Wednesday, February 8, 2017

Why The End Of The Post-Election Rally Might Finally Be At Hand

The risks are piling up, so I’m watching for a loss of momentum in stock prices.

By Thomas H. Kee Jr.
February 8, 2017

This is how I’m viewing the U.S. stock market:

• No one else cares about the inherent risks in the stock market today, so why should I?

• The price-to-earnings (P/E) multiple on the S&P 500 Index SPX, +0.02% is almost 26, much higher than the historic average of about 14.5. But no one else seems to care, so why should I?

• The stock market indices are pressing all-time highs, and they have not had a drawdown of any material magnitude since the election, which suggests a sustained decline could come at any time. But no one else cares, so why should I?

Which brings me to a truism: The market never cares until it has to care.

History has told us that the market does not care about risks during momentum moves like the ones we’ve had since the election. But when that momentum begins to lose steam, the market, which once saw no risk, can suddenly perceive massive amounts of risk without any real change to the environment.

The timing of such a transition in sentiment is difficult to pinpoint in advance, but there are tools at our disposal: technical, longer-term trading patterns and, specifically, the resistance levels in the Dow Jones industrial Average DJIA, +0.19%the S&P 500, Nasdaq 100 NDX, +0.35% and Russell 2000 RUT, -0.41% By watching those resistance levels, we can have a rough idea of when price adjustments might take place.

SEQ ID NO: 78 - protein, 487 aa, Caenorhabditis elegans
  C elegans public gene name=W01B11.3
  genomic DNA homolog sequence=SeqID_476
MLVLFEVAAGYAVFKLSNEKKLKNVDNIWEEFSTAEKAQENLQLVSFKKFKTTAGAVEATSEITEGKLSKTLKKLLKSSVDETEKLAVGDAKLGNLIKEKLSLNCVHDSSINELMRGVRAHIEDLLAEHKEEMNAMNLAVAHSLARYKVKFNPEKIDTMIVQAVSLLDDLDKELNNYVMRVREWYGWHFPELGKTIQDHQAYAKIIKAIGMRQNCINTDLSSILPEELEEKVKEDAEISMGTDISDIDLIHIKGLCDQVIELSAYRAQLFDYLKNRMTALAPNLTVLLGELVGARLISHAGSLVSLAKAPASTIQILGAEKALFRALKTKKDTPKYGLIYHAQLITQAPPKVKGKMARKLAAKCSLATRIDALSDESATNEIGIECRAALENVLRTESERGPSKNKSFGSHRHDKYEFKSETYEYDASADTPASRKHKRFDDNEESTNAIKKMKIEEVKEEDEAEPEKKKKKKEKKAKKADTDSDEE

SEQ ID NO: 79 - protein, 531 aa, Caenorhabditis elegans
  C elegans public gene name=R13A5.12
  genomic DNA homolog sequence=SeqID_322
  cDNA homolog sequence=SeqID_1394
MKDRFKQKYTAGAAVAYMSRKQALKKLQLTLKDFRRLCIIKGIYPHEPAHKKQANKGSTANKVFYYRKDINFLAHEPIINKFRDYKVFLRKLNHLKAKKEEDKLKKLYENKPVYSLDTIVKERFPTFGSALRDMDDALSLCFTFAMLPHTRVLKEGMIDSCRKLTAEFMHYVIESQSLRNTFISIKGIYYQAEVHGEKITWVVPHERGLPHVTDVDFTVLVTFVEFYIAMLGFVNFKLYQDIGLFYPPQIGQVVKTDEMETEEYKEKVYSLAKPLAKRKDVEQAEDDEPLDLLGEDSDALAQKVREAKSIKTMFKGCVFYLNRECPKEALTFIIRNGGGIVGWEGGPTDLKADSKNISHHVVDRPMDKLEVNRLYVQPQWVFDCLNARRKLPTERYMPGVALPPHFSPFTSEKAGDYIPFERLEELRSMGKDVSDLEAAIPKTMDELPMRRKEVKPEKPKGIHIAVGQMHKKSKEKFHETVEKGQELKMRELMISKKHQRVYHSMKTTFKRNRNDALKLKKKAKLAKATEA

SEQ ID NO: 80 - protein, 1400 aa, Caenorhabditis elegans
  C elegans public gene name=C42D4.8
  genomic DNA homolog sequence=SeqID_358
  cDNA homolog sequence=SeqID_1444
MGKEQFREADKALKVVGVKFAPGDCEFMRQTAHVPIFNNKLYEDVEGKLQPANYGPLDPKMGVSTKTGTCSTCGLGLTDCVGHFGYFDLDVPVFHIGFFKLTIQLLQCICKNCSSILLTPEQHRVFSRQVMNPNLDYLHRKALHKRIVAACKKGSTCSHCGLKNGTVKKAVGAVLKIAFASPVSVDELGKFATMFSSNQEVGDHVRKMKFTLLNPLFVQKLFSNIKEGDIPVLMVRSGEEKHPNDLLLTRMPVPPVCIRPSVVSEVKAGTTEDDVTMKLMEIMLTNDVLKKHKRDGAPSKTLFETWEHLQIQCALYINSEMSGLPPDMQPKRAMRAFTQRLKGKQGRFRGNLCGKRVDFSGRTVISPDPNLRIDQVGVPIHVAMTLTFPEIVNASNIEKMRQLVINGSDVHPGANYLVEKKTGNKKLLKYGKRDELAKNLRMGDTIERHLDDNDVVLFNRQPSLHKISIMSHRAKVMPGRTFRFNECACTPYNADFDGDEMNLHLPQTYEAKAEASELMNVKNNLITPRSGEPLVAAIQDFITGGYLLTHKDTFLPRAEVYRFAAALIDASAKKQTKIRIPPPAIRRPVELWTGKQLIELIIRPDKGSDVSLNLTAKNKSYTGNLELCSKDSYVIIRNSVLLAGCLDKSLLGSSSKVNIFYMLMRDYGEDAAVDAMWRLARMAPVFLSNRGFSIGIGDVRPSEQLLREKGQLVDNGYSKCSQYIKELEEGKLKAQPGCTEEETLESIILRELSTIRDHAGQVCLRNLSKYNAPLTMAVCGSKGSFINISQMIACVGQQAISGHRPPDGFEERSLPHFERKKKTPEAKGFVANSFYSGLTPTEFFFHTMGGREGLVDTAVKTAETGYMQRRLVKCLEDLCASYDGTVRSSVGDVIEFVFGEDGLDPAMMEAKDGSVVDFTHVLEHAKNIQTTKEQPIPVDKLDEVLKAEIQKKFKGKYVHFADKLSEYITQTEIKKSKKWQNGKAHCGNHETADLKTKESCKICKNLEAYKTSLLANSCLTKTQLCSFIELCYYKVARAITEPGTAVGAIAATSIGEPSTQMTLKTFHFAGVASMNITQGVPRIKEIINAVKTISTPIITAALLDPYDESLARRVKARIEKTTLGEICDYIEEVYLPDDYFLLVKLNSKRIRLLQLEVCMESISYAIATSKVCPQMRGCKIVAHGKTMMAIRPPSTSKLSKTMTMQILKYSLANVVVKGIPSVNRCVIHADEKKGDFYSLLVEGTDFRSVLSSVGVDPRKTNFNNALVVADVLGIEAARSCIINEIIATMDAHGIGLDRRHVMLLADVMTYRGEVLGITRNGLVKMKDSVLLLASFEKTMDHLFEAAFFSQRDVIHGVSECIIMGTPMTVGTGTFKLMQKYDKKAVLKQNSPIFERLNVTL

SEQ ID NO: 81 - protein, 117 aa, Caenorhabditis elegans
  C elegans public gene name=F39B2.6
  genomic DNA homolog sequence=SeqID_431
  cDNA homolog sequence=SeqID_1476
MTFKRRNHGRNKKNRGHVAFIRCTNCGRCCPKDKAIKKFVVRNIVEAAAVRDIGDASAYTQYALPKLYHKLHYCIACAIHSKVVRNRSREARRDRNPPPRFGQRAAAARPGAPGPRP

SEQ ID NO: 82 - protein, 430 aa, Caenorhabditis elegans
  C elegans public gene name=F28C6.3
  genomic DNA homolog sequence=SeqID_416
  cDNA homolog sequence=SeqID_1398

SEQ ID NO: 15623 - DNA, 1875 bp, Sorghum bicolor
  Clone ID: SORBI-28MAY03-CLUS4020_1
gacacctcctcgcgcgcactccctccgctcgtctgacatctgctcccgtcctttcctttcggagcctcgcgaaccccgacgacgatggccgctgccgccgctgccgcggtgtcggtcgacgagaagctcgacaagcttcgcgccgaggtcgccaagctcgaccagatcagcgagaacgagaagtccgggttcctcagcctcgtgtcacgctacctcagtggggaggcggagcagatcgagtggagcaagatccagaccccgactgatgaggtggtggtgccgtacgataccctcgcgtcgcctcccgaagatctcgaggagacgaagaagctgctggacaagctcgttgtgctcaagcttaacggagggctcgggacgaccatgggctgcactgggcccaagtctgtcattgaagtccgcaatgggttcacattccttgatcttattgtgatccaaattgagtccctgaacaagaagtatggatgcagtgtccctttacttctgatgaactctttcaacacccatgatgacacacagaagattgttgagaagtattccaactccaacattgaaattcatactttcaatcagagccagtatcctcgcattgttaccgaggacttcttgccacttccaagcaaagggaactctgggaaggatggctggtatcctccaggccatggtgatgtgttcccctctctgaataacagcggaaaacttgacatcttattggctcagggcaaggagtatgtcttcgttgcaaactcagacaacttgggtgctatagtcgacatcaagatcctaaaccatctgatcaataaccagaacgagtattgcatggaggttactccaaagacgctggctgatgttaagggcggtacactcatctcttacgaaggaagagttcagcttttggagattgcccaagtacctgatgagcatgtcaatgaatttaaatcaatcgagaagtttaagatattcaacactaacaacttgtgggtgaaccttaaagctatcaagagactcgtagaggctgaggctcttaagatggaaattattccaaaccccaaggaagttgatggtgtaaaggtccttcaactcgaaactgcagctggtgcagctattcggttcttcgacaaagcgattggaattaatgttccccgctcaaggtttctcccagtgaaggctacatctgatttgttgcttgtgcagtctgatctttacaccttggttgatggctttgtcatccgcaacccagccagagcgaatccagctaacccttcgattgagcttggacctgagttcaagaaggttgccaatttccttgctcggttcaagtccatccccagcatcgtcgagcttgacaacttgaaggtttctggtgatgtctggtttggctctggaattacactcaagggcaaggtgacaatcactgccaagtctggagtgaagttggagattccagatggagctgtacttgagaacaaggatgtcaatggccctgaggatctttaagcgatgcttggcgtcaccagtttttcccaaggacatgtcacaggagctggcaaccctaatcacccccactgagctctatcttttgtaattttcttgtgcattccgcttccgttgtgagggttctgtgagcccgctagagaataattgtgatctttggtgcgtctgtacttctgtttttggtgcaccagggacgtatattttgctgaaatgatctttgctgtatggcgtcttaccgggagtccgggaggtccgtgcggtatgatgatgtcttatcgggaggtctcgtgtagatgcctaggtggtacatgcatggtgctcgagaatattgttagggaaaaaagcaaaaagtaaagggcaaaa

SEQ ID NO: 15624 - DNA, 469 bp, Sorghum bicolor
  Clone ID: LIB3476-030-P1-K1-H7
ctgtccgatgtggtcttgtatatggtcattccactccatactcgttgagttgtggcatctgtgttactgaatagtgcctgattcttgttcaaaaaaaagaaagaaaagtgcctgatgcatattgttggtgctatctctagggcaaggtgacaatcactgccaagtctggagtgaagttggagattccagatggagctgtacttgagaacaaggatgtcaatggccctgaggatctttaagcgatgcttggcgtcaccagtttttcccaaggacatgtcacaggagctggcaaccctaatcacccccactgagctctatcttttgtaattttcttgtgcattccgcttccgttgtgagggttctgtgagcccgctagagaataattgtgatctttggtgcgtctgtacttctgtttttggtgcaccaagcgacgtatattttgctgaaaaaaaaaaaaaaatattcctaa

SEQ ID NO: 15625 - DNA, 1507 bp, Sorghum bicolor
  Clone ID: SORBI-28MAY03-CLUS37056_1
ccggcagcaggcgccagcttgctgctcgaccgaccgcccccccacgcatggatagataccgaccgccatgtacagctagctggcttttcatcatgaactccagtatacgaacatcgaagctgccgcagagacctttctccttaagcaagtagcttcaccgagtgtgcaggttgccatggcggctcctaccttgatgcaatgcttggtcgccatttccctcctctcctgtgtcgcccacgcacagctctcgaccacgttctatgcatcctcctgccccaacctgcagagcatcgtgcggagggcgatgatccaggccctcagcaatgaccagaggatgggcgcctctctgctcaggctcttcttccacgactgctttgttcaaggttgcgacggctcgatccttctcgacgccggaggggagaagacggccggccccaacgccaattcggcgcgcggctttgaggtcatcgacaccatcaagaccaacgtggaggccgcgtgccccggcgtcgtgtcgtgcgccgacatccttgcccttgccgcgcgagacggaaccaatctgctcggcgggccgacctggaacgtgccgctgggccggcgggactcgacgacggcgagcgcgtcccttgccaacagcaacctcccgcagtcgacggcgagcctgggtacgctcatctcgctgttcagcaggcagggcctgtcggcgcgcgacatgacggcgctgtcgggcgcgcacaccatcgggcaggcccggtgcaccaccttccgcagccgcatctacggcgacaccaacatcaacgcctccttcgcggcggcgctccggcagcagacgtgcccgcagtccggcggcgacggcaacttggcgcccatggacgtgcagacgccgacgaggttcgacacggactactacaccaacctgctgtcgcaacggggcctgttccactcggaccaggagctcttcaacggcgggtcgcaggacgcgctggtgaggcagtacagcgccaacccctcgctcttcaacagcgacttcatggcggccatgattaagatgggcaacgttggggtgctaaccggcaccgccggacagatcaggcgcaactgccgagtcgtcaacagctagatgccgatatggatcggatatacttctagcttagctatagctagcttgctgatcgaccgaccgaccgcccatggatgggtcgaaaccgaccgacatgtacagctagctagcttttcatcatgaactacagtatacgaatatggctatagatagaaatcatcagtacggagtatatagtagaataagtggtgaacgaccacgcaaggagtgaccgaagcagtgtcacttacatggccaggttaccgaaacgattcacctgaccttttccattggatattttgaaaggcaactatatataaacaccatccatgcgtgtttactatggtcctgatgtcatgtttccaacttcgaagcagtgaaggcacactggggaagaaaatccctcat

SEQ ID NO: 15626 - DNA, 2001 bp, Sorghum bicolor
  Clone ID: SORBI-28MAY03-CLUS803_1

Ultimately, price adjustments are part of the process in which sentiment shifts.

As a result, the identification of these longer-term resistance levels is critical to understanding when momentum-driven increases will come to an end, and I offer, below, the longer-term chart pattern of the Dow that I provided to clients.


In the chart, you can see that longer-term resistance levels have been tested, and you can also see a long-legged Doji formation from last week’s trading activity. (A Doji formation signifies indecision between bulls and bears.) This combination sets up a potentially bearish, or higher-risk, environment that would be confirmed if the market drops from these early-week higher levels.

Downside confirmations do not immediately exist; we have only tests of longer-term resistance levels right now. But if downside confirmation comes, it will likely be a signal that the one-sided market moves will come to an end, if only for a short while.

We are monitoring for downside confirmation, but we have already acknowledged that the risks now are extremely high, much higher than they have been, and the end of the momentum that spurred the Dow higher by 12.3% since early November may be in sight and, with that, a healthy drawdown.

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